Charlie Hebdo is at it again. The controversial French satirical newspaper announced Tuesday that it’s republishing a series of inflammatory cartoons of the Prophet Mohammed, sparking concerns of a violent blowback from radical Islamists.
The cartoons will be published on Wednesday, the same day that the trial begins of 14 alleged accomplices of the terrorists who carried out deadly attacks on a kosher supermarket and the Paris offices of the newspaper in January 2015. The newspaper tweeted the cover of the edition Tuesday, which featured the cartoons along with the headline: “All that, for this.”
The central cartoon on the cover was drawn by Cabu (real name Jean Cabut), a well-known Charlie Hebdo cartoonist who was murdered in the attacks. The cartoon, originally published on the cover in February 2006 in response to the Danish cartoons controversy, shows a weeping Mohammed complaining: “It’s so hard to be loved by jerks.”
The cover also featured the notorious cartoon of the Prophet with a bomb for a turban, which was originally published by the Danish newspaper Jyllands-Posten in 2005, setting off a wave of controversy and protest around the world.
“We will never lie down. We will never give up,” the publication’s director, Laurent “Riss” Sourisseau, wrote in an editorial in the new edition.
Charlie Hebdo has frequently been the target of anger and threats from Muslim fundamentalists for its ridicule of religion, including the publication of cartoons depicting the Prophet Mohammed, which is considered sacrilegious in Islam. Prior to the 2015 massacre, its offices were firebombed in 2011 over the publication of a cartoon of the Prophet; when it doubled down by publishing more cartoons the following year, France temporarily closed schools and embassies in more than 20 countries due to fears of a violent response.
The editorial team of the newspaper wrote that it was “essential” to republish the cartoons as the trial was due to begin Wednesday.
"We have often been asked since January 2015 to print other caricatures of Mohammed," it said. “We have always refused to do so, not because it is prohibited — the law allows us to do so — but because there was a need for a good reason to do it, a reason which has meaning and which brings something to the debate.”
Extremism experts warn that the newspaper’s actions could provoke a renewed wave of violence from hardliners who considered the cartoons an insult to Islam.
Colin P. Clarke, senior research fellow at The Soufan Center, a New York-based think-tank focusing on global security issues, told VICE News that the publication of the cartoons “could very well engender a reaction from individuals who find the cartoons unnecessarily provocative and insulting to Islam.”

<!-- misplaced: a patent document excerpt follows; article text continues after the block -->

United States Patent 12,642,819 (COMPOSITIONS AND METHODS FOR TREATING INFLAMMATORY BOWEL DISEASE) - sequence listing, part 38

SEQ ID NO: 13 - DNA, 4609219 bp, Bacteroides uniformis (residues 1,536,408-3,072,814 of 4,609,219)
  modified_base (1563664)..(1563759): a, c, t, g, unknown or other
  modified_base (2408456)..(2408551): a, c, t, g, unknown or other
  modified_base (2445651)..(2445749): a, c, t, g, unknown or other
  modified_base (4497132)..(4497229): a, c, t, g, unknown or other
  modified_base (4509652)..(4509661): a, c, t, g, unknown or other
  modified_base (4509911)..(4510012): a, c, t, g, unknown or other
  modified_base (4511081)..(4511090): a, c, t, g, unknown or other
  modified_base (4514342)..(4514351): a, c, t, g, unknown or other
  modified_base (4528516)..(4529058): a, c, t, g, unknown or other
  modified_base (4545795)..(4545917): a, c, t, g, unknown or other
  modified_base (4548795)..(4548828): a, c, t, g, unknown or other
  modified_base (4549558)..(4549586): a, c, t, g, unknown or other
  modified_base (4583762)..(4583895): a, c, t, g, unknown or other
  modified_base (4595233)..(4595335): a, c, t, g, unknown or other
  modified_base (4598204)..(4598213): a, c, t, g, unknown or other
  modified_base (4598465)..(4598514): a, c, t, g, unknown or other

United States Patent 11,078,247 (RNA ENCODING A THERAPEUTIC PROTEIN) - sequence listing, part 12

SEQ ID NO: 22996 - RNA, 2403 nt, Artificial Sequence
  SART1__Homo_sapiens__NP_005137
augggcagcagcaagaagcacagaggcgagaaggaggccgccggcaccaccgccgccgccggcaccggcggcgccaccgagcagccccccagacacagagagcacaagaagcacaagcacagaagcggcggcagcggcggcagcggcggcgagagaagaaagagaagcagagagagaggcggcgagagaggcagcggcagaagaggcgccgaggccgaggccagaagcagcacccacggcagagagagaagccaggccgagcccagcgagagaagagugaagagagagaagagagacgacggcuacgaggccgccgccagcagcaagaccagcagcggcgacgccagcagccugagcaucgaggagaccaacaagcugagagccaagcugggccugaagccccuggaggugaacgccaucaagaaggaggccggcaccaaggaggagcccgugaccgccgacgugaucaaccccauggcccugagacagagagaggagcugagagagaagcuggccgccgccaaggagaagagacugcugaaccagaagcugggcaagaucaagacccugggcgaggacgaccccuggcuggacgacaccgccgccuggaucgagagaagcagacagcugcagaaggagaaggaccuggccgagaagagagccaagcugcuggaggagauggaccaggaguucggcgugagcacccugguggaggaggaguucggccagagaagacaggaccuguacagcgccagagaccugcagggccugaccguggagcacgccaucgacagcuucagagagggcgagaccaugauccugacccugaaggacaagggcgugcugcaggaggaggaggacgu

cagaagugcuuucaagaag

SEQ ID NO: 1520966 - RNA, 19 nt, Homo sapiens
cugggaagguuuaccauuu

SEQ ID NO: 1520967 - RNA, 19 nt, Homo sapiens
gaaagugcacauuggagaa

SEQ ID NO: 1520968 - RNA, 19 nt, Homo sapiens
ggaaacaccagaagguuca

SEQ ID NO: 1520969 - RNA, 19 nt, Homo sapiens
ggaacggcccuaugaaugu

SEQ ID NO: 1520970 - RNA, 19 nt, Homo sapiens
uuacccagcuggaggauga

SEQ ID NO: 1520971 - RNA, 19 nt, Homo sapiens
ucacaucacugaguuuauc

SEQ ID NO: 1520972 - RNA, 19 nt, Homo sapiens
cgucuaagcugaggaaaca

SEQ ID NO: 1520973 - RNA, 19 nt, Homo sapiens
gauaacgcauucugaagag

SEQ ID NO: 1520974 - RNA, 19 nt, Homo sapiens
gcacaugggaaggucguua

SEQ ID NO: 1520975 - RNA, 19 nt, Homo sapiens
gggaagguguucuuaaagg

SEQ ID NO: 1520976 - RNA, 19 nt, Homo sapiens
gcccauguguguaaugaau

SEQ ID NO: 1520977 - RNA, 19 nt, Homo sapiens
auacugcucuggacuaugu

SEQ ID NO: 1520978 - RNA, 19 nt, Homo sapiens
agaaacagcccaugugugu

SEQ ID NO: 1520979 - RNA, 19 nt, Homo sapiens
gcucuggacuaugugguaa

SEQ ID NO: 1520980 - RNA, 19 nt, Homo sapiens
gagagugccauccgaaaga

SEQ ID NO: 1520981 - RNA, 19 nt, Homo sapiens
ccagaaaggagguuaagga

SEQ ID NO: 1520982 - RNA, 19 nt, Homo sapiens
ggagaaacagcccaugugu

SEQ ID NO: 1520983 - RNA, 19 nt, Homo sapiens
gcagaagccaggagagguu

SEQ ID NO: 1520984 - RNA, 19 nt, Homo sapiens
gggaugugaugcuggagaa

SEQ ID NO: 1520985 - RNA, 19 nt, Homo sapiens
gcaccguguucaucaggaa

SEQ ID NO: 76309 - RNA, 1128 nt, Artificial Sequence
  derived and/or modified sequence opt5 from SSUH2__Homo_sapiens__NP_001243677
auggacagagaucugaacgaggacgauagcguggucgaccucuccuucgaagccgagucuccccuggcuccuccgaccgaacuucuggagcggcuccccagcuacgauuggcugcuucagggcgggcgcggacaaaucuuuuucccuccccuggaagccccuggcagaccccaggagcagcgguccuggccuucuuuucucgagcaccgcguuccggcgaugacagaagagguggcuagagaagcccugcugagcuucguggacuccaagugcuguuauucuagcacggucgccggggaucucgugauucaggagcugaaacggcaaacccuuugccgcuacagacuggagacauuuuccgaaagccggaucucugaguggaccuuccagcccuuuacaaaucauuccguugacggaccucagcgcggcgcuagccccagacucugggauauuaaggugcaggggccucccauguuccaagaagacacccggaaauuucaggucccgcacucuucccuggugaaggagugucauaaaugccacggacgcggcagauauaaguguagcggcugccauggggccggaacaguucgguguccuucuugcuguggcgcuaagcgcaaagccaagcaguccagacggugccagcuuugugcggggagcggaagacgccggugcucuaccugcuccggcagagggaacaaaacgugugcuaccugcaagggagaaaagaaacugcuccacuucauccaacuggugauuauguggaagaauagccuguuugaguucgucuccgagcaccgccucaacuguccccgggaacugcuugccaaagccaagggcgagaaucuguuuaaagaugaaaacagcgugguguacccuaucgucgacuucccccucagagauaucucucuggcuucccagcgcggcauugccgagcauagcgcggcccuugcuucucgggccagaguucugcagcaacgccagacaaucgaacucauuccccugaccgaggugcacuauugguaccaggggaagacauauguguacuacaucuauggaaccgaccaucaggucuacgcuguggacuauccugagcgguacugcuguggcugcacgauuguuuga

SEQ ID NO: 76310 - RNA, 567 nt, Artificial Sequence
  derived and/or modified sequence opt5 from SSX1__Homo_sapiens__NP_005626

If reports of their publication went viral, he said, they could fuel protests in Muslim countries — or provide fodder for terror groups to recruit.
“I think incidents like this are so unpredictable, which is why, even though they are protected by free speech laws, they often seem unnecessarily provocative and counterproductive,” he said.
Tensions were already high following riots by Muslims in Malmö, Sweden over the weekend, after far-right activists filmed themselves burning a Koran near one of the city’s mosques.
“Given the rise of right-wing extremism, there is an additional layer of concern, particularly when considering the concept of reciprocal radicalization, with extremists on both sides of the spectrum fuelling each other,” he said.
Hajer Naili, communications manager at The Soufan Center, told VICE News that the previous publication of the cartoons — such as the image of the bomb-turban — had stigmatized and angered Muslims around the world.
“Many Muslims who have never condoned violence in any form were offended and felt insulted when these cartoons were published,” she said. “Republishing them will only reopen old wounds. While it is hard to predict how some individuals will react, we can fear some violent reactions.”
Twelve people — nine journalists, a maintenance worker and two police officers — were killed when Islamist gunmen, the brothers Saïd and Chérif Kouachi, launched their assault on its Paris offices in January 2015.
In a related attack by the brother’s friend, Amédy Coulibaly, two days, later, four people were killed during a siege of a kosher supermarket.
The three gunmen were killed in police shootouts, but 14 of their associates — three of whom are being tried in absentia — are being put on trial starting Wednesday, for a range of charges including providing weapons and logistical support to the attackers.